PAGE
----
By Grant McOmie
Posted on March 7, 2013 at 10:01 AM
Folks who play in the Oregon outdoors this time of year embrace the
fun that comes from fresh powder – whether on snow shoes or skis or even
inside cozy confines of a dog sled.
For others, it's thrill of speeding across the wintertime landscape toward distant, hard to reach areas aboard a snow mobile.
Kirk Snyder is the President of the Mt Hood Snow Mobile Club, the state’s oldest chapter.
He is a rider with decades of experience during the region’s harshest season.
Snyder said it’s exciting and challenging to travel to a place that’s
"snow special” and draws folks back for exciting adventures season after
"I get to see a different side of Oregon in winter and I really enjoy
the back country. It’s not unusual for us to travel 50 miles or more on
snow mobiles and not see another person all day. I consider this
Oregon’s finest season.”
He said it’s the ease of access across thousands of miles of US Forest
Service Roads in Oregon--- roads that are designated for "multiple-use”
--- that draws many winter riders. It was one of the big reasons that he
joined the club several years ago.
Snyder’s sons, Oskar and Niko, joined Kirk when they were old enough to
ride. They each took a snow mobile safety course and a passed a required
exam to earn their entry into the sport.
Snyder said that he insists that his kids – and the folks who ride with
him – wear helmets and carry critical safety gear including extra food,
clothing and fuel.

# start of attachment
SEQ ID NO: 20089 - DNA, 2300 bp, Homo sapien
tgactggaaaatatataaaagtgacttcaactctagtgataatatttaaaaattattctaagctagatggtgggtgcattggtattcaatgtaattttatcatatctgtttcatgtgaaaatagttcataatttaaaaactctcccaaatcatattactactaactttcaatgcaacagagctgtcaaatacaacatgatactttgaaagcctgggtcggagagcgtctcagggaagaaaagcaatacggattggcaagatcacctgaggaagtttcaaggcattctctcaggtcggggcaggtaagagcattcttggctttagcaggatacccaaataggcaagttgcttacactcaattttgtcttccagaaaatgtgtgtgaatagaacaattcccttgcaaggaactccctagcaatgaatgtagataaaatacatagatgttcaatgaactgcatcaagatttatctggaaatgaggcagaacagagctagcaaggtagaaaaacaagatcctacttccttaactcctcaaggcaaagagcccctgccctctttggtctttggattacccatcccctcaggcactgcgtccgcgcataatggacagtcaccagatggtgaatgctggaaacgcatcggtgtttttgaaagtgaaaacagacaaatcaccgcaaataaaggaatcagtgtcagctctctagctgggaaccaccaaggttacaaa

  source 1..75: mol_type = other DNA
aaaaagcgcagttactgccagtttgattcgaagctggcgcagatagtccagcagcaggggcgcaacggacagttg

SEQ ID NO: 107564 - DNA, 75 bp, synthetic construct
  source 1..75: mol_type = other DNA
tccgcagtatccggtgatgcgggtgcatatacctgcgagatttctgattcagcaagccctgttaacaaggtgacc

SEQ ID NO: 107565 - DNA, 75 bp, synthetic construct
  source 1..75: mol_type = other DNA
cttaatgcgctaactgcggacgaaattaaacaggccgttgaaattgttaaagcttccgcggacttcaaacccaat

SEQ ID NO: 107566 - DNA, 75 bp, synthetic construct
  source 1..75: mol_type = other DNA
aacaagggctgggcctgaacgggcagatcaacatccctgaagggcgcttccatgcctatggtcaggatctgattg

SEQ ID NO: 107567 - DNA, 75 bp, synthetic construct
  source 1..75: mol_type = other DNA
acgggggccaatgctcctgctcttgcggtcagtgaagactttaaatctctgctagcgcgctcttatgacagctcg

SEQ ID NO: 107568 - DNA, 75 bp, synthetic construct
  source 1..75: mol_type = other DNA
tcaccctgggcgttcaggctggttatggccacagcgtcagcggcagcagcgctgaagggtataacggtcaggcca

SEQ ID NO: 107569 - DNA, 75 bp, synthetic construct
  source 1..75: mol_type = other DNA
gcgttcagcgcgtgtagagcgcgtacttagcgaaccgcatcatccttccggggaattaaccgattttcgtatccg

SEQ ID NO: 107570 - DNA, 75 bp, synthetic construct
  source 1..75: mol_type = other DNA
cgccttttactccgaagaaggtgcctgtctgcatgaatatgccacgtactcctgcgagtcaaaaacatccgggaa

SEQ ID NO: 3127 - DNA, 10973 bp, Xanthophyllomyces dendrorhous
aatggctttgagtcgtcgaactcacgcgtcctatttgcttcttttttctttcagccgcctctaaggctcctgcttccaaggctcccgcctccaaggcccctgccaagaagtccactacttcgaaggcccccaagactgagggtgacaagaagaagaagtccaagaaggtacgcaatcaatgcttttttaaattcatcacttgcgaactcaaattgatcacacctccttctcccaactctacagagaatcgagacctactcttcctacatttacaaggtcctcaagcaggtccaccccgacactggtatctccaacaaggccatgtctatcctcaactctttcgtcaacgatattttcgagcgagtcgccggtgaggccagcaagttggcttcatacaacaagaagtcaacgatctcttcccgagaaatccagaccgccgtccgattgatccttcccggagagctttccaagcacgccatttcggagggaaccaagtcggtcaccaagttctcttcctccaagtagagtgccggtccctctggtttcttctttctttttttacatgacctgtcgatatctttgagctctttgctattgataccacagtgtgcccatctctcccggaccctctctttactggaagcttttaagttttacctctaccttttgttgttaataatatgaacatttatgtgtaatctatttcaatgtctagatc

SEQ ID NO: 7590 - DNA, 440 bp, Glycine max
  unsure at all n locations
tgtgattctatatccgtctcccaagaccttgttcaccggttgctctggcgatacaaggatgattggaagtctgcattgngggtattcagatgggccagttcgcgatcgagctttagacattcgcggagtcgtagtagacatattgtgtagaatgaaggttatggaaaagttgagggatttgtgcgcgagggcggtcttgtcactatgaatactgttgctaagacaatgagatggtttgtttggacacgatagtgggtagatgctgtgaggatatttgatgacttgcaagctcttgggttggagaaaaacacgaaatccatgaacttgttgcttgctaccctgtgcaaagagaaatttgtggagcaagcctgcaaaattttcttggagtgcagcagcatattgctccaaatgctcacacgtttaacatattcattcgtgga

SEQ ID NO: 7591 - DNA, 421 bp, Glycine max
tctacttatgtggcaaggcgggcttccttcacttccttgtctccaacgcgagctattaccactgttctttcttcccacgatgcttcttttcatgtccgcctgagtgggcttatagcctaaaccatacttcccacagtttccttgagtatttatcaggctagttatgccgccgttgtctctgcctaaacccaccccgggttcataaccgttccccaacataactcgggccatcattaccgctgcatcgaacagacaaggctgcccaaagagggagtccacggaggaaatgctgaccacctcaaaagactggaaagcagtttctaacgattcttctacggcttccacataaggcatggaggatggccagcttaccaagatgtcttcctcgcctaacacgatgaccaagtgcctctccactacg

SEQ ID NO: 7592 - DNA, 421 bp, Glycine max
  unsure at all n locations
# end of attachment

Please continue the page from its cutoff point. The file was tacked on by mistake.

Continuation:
"Things happen, so you’ve got to be ready,” said Snyder. "We might spend
the night in the snow, so you must be ready for the worst that Mother
Nature serves up.”
The Mt Hood Snow Mobile Club is one of 26 statewide chapters within the Oregon State Snow Mobile Association. The club’s weekend rides begin at Skyline Road Sno-Park and can reach across the Cascades toward Mt Jefferson and the Santiam Basin.
"That’s what I like to do most of all,” admitted Oskar Snyder. "The long
rides allow you to have fun all day with other people. Best part of
Ryan and Susan Robinson said that each of them "fell in love” with
snowmobiling after their first ride two years ago. It was the solitude
that comes from travel into remote areas that drew them to the sport.
Ryan added that getting started was easy for them too. He advised others
to consider renting a snow mobile for a day to find out if it’s a good
"Just one sled for one day will allow you to find out if you like it, if
the family likes the snow, the weather and whether they enjoy riding
Susan added, "We fell in love with it from the get-go and met some nice
people in the Mt Hood Club. That was a big plus for us because they
helped show us the way.”
The Robinsons made the sport a family event when their sons, Dylan and
Trevor, joined them last year. Like the Snyder’s, each youngster went
thru a safety class and passed a test before they could begin riding
with the family.
"Snowmobiling is amazing,” said Dylan. "There’s no other feeling quite
like the pure adrenalin rush of riding across fresh snow.”
According to Snyder, there are hundreds of miles of trails in the Mt
Hood National Forest. For the most part, they are multiple use trails
(the club grooms many of them each week) so they’re open to cross
country skiers, dog sled teams and snow shoeing too.
"When you ride a snow mobile, you've great responsibilities to obey the
‘rules of the road,' cautioned Snyder. "That means when you meet others;
especially non-motorized recreationists, you slow down and move to the
right and give them ample room.”
Kirk added that it’s a remarkable experience to tour Oregon in winter,
but riders are vigilant too – the ever-changing weather demands a
"There’s nothing like this – and I want to see more folks consider
trying it too – our club is a fine way to start – we encourage beginners
to contact us, show up on the weekends and we’ll make sure they have a